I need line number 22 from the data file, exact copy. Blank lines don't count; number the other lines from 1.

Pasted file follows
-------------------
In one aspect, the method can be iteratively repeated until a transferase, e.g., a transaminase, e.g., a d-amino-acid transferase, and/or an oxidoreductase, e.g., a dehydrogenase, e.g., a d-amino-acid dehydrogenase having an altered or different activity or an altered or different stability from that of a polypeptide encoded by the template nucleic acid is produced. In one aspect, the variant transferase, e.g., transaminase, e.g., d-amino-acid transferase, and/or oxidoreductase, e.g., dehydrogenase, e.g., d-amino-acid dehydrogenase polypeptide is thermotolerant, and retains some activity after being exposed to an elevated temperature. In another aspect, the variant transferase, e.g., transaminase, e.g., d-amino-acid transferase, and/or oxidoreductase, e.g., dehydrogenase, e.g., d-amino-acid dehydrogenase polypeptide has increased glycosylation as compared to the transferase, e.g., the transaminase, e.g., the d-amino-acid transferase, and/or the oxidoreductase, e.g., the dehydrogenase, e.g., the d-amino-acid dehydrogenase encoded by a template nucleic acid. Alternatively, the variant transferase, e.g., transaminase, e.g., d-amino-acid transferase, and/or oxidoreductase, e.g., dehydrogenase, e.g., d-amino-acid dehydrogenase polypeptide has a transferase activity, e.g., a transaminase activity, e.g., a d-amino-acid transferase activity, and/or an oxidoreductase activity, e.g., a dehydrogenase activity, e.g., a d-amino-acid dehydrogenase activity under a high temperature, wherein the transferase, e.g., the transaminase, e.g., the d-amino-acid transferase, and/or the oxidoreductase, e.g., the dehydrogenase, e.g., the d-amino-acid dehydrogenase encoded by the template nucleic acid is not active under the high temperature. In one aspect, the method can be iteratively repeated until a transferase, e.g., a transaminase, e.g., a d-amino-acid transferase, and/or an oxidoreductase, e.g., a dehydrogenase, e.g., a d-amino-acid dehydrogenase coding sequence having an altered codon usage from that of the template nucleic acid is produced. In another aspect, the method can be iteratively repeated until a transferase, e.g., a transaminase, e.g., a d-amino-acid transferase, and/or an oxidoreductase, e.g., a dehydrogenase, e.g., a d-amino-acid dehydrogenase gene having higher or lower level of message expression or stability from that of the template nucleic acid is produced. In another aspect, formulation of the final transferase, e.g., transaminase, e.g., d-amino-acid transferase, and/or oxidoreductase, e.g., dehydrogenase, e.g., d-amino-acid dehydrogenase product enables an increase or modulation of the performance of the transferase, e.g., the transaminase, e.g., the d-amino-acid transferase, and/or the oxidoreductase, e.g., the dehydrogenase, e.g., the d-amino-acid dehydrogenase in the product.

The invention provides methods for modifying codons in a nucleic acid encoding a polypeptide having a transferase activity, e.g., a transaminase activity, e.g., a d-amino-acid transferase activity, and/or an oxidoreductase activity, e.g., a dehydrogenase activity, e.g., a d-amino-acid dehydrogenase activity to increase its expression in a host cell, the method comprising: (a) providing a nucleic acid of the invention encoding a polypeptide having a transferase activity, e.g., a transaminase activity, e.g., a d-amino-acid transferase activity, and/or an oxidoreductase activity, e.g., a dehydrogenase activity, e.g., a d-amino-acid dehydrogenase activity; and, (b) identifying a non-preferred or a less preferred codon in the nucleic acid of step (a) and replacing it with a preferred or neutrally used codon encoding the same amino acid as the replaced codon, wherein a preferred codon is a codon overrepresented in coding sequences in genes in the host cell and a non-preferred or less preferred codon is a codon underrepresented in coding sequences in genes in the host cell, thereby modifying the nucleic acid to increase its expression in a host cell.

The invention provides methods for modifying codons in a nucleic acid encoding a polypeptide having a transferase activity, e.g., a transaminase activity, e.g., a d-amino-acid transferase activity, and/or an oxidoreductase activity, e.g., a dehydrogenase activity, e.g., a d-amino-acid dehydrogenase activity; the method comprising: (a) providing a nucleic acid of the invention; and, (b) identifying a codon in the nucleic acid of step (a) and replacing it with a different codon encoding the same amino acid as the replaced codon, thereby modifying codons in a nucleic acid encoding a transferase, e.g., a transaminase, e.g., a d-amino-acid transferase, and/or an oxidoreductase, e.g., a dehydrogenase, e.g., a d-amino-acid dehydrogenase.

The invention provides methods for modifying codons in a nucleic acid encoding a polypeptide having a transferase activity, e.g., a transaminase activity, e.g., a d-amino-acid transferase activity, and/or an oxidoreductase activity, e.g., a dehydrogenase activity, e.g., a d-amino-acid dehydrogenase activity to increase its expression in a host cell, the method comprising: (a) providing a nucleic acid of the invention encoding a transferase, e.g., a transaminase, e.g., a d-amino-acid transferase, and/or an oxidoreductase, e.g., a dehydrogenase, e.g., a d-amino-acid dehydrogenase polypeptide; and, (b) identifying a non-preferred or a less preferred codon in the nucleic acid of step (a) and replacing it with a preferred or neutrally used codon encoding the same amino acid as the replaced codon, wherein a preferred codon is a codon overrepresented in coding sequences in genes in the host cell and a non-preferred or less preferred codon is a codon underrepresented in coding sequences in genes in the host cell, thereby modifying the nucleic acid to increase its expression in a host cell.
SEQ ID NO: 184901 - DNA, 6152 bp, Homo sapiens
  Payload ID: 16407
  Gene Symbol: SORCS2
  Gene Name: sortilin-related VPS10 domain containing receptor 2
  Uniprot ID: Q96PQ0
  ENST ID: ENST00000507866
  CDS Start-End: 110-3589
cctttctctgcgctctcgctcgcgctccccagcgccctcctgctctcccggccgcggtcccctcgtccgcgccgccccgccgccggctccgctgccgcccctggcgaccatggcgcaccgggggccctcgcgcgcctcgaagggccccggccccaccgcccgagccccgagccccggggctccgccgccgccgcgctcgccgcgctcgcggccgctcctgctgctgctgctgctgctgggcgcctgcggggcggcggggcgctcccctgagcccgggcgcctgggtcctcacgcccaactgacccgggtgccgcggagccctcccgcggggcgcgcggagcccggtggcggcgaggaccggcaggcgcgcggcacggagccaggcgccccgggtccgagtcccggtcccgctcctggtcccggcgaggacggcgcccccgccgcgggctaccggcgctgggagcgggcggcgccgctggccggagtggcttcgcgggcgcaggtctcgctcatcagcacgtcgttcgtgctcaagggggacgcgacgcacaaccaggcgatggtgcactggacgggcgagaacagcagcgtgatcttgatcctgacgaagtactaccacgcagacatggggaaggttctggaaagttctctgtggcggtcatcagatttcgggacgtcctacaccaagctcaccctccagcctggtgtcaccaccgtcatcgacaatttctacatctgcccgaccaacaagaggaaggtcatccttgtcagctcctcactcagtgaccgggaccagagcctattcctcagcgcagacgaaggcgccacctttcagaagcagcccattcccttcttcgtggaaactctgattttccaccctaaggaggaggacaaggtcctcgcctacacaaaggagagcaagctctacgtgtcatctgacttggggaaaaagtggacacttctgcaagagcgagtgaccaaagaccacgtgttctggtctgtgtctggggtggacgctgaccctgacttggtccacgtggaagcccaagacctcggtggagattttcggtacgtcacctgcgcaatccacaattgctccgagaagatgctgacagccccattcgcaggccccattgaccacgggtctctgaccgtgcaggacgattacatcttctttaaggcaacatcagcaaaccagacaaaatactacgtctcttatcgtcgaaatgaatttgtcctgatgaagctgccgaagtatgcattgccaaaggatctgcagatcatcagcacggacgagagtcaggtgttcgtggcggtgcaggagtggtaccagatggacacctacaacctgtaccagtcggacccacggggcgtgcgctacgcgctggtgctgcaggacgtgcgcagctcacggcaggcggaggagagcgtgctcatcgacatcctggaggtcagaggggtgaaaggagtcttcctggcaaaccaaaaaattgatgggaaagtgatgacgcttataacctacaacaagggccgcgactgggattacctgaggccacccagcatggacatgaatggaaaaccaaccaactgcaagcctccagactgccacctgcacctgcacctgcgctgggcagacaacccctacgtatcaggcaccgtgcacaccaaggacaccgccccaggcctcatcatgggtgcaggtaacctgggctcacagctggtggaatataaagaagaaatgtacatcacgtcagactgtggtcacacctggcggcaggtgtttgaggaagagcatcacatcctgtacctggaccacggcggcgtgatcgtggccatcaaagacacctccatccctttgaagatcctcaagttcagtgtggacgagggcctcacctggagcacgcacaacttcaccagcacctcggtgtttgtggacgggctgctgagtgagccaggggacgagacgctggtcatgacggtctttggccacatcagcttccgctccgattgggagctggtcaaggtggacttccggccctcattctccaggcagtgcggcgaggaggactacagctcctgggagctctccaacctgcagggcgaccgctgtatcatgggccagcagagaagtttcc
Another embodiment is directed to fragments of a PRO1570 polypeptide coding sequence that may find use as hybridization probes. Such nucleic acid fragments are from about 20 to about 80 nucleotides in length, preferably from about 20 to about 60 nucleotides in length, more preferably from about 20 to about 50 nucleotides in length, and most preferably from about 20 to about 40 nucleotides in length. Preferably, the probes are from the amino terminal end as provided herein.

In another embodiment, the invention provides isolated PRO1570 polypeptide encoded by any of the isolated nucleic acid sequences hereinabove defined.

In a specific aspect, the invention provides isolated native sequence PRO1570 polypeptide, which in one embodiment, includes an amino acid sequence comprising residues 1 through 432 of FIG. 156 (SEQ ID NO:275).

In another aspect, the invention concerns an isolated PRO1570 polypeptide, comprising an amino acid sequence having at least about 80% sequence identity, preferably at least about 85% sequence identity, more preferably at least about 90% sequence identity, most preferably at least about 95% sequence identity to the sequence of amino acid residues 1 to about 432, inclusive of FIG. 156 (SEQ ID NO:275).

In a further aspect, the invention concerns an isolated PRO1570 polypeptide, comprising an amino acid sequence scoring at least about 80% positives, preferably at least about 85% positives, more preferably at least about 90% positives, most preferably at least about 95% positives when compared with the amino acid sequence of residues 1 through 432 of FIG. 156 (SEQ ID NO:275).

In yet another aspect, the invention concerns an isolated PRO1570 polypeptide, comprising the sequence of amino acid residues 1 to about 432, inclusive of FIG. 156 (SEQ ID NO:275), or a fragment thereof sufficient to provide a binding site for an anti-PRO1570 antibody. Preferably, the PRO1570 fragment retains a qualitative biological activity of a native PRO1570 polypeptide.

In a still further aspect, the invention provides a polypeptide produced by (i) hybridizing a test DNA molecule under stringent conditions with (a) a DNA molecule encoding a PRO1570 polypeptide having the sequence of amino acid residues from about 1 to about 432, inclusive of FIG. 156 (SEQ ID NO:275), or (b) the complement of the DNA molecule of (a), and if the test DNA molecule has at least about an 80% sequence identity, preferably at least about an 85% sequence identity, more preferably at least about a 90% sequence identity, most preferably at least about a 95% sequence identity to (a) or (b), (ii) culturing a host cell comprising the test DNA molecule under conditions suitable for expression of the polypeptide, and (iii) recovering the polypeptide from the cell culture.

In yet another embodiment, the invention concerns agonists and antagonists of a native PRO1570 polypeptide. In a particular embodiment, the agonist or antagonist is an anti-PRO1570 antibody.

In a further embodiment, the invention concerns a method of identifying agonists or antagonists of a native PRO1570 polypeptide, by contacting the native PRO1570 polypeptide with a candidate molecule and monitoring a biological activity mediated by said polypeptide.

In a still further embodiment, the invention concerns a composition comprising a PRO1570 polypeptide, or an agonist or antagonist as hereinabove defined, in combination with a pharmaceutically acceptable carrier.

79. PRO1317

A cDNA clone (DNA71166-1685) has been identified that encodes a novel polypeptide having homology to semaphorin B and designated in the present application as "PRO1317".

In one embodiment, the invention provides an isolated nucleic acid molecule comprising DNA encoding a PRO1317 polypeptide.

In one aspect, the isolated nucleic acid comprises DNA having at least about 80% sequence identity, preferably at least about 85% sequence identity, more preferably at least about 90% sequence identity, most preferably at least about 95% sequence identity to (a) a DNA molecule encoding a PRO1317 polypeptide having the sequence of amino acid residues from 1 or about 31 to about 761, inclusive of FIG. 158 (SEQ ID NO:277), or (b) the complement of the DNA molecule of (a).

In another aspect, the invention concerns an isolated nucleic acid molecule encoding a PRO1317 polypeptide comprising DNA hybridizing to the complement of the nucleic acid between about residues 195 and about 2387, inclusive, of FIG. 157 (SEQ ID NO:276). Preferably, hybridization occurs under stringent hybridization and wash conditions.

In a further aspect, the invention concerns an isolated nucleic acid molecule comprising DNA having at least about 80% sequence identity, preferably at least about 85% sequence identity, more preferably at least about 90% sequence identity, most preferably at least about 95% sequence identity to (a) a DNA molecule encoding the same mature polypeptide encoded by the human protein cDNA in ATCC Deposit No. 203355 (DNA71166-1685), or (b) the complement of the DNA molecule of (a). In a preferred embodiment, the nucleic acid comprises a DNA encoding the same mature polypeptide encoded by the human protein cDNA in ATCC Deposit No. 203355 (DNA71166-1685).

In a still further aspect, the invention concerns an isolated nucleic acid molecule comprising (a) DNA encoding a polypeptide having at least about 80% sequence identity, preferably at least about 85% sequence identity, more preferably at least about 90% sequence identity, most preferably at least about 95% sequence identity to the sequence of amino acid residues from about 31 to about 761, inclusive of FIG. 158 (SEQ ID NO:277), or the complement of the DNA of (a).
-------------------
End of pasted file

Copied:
In a still further embodiment, the invention concerns a composition comprising a PRO1570 polypeptide, or an agonist or antagonist as hereinabove defined, in combination with a pharmaceutically acceptable carrier.